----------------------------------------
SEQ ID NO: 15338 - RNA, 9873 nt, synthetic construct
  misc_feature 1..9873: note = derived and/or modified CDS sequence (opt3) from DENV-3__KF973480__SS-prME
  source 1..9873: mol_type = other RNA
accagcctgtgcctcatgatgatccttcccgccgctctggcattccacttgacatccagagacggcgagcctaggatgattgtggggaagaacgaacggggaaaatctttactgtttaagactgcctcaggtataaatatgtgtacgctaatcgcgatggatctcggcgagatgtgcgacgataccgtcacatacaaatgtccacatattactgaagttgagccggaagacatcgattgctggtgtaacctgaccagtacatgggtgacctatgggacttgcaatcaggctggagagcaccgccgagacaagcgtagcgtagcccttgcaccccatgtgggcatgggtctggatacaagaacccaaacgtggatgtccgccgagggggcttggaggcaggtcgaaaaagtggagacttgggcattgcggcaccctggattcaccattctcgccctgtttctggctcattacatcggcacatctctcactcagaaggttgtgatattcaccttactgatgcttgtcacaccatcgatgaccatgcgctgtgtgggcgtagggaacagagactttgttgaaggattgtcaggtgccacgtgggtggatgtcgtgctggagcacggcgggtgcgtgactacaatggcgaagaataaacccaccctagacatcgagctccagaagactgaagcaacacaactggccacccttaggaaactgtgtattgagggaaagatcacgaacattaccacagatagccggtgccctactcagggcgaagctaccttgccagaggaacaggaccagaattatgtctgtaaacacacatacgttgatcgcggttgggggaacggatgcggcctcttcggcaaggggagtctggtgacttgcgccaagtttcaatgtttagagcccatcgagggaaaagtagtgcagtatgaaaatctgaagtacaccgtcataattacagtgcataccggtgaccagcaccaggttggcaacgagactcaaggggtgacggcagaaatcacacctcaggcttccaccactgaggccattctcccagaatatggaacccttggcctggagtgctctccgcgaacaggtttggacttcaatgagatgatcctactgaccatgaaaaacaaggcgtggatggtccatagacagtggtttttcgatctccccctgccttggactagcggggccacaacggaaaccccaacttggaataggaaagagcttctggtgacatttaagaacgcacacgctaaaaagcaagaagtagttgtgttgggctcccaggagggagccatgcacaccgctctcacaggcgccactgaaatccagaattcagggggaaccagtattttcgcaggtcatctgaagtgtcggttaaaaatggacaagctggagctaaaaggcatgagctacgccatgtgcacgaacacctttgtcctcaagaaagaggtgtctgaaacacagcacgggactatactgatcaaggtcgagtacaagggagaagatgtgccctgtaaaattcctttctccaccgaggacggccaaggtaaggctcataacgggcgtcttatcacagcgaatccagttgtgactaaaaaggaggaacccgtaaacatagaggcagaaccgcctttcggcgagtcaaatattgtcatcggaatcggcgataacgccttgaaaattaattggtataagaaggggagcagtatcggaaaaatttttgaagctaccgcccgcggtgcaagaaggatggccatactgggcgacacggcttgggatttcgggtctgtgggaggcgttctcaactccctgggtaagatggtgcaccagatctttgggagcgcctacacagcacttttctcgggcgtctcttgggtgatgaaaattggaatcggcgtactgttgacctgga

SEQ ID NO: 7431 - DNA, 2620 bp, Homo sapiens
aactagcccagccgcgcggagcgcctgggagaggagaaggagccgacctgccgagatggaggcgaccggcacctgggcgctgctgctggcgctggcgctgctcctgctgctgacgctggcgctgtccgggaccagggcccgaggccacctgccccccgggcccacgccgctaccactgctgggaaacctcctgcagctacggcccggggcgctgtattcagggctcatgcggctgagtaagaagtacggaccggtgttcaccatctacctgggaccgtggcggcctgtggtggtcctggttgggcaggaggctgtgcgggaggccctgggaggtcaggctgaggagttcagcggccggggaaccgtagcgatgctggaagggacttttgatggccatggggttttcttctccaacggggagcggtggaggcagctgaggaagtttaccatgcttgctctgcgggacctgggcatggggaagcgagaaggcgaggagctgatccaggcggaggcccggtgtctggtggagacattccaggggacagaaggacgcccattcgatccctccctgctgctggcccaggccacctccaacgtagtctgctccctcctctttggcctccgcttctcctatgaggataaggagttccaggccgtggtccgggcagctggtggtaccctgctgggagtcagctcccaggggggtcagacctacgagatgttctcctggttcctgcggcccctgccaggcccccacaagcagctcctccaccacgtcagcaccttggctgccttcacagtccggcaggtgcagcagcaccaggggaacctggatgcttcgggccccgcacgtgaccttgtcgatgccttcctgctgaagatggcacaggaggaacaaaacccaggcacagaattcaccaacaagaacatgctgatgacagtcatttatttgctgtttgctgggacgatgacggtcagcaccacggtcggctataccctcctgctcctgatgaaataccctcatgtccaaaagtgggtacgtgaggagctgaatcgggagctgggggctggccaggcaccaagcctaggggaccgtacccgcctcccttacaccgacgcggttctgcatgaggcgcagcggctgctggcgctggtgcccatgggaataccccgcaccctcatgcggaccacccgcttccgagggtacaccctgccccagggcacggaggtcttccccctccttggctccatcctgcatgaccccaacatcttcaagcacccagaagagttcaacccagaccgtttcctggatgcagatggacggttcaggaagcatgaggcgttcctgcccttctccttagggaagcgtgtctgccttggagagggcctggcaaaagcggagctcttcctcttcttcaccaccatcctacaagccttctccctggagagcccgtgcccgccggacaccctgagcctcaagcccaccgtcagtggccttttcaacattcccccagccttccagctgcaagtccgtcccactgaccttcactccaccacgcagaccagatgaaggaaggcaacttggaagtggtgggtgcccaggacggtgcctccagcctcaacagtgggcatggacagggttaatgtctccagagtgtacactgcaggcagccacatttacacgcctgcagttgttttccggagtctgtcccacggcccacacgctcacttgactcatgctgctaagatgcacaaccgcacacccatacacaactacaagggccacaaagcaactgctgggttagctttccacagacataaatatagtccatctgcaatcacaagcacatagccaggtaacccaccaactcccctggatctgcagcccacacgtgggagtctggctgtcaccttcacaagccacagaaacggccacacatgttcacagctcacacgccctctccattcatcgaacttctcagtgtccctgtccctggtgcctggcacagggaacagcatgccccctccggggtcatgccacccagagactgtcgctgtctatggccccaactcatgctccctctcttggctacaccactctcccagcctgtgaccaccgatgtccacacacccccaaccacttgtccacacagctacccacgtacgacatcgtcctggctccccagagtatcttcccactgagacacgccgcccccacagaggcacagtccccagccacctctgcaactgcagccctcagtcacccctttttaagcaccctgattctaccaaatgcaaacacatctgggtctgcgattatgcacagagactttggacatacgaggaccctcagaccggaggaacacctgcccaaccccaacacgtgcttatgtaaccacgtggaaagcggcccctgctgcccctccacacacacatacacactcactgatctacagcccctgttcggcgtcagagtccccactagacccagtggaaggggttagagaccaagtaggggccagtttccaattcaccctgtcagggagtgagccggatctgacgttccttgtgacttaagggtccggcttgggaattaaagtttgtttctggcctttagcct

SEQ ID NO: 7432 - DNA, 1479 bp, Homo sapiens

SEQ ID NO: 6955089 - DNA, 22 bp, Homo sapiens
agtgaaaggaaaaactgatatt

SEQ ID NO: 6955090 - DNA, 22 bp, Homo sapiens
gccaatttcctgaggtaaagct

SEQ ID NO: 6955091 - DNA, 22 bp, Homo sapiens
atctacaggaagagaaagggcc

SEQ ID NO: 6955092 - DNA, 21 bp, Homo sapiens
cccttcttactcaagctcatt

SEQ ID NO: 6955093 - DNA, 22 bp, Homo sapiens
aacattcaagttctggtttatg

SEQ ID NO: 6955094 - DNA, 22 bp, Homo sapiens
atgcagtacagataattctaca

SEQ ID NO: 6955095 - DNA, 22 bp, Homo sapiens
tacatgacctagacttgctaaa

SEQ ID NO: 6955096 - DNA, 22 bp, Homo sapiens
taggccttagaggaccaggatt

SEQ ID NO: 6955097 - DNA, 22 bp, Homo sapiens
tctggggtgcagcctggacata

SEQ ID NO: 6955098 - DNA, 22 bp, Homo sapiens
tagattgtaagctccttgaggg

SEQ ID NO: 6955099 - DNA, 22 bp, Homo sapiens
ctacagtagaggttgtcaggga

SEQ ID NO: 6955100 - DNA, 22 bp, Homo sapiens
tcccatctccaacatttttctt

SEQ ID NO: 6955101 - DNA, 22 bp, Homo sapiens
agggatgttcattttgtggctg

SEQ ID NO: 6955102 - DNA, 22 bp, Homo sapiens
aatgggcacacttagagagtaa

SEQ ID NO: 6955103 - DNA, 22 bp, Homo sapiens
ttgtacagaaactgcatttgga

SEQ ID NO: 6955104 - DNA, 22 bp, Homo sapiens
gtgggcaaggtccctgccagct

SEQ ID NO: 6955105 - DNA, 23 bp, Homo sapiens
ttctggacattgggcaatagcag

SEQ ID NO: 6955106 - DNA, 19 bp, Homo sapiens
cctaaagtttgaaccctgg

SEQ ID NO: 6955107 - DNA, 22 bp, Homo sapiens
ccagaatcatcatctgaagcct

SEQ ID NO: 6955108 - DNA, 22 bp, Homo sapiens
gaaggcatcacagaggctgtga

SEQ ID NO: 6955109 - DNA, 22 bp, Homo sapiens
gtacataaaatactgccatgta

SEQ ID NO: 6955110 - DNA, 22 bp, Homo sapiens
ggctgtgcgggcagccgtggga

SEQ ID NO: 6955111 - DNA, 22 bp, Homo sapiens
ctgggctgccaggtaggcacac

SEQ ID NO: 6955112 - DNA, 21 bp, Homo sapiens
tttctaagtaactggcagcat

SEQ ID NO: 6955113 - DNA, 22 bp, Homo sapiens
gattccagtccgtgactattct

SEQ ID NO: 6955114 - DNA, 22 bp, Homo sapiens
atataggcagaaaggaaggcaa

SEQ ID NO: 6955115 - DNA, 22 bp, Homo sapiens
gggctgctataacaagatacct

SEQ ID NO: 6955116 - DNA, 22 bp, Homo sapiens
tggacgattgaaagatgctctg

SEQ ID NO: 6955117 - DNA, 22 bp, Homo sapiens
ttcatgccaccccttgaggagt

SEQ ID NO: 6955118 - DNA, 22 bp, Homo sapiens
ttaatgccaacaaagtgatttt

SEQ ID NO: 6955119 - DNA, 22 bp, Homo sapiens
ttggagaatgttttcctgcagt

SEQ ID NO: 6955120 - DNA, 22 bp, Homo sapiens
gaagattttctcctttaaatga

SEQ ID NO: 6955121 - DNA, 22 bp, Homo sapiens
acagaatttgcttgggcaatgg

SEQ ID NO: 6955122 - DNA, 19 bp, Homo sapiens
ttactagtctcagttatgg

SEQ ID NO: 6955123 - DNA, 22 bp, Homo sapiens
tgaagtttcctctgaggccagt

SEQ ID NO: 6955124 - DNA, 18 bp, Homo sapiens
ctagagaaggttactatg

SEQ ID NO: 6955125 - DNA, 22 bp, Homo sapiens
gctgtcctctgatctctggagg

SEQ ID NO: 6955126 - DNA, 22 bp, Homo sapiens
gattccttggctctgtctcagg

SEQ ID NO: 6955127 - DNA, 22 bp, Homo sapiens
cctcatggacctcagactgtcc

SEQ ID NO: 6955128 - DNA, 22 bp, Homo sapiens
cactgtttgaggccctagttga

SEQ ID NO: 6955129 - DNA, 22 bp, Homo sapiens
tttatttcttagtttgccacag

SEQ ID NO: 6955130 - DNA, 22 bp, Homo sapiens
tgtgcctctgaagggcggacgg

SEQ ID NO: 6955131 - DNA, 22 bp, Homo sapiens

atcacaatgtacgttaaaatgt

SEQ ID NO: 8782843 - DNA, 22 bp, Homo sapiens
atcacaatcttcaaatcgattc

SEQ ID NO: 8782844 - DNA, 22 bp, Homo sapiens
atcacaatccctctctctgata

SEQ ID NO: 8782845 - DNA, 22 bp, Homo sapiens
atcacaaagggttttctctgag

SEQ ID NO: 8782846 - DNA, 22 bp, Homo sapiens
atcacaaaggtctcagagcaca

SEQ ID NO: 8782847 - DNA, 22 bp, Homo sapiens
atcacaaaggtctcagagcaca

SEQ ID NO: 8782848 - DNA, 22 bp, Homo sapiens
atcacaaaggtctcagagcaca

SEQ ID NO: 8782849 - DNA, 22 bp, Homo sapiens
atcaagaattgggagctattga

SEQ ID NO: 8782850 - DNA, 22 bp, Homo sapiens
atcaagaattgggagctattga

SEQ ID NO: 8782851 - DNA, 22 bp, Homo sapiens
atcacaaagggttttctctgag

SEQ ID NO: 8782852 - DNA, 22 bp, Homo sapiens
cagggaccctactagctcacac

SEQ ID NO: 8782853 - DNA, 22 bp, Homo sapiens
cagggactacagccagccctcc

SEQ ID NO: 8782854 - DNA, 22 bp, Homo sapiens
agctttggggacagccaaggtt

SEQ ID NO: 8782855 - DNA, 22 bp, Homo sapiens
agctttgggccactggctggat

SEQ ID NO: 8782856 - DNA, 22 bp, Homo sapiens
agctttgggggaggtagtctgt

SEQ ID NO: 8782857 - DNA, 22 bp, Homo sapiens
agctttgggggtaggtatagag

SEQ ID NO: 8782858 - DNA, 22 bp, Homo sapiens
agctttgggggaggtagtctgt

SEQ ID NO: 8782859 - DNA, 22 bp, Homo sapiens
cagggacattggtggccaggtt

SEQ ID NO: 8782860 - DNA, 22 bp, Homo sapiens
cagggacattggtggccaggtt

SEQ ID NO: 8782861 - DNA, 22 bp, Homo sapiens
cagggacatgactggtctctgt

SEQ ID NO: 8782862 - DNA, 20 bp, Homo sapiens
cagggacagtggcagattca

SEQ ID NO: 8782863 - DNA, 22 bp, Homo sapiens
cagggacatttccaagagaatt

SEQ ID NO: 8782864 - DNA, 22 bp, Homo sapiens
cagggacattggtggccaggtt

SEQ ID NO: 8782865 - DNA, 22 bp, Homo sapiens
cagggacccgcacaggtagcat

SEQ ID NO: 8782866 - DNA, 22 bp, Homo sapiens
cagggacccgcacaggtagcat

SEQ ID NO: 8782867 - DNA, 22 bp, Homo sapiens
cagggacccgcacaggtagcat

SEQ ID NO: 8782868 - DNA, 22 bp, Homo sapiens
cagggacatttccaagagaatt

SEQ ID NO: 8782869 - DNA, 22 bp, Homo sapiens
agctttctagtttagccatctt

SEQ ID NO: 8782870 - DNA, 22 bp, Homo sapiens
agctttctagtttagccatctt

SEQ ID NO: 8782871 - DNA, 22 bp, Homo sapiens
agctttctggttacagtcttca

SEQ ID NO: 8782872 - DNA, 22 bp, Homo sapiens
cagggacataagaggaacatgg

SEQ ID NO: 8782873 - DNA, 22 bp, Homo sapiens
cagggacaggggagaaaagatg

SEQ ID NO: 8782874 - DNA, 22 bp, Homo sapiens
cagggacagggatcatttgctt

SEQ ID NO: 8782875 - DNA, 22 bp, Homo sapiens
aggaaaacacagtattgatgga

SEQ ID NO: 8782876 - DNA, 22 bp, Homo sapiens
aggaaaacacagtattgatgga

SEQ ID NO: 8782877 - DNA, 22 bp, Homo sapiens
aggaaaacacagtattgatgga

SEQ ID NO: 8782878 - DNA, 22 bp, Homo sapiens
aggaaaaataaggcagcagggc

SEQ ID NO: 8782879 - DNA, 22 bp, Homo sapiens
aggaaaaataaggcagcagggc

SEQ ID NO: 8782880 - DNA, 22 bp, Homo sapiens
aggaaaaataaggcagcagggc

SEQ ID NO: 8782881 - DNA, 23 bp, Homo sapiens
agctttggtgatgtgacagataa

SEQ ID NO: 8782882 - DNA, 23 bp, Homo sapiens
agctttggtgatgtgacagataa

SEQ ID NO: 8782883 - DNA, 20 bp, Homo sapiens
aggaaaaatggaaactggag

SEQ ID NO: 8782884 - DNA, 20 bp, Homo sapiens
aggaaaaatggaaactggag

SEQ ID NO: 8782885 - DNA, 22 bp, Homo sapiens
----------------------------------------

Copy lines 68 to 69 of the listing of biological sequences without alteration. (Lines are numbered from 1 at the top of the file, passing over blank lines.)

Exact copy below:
SEQ ID NO: 6955119 - DNA, 22 bp, Homo sapiens
ttggagaatgttttcctgcagt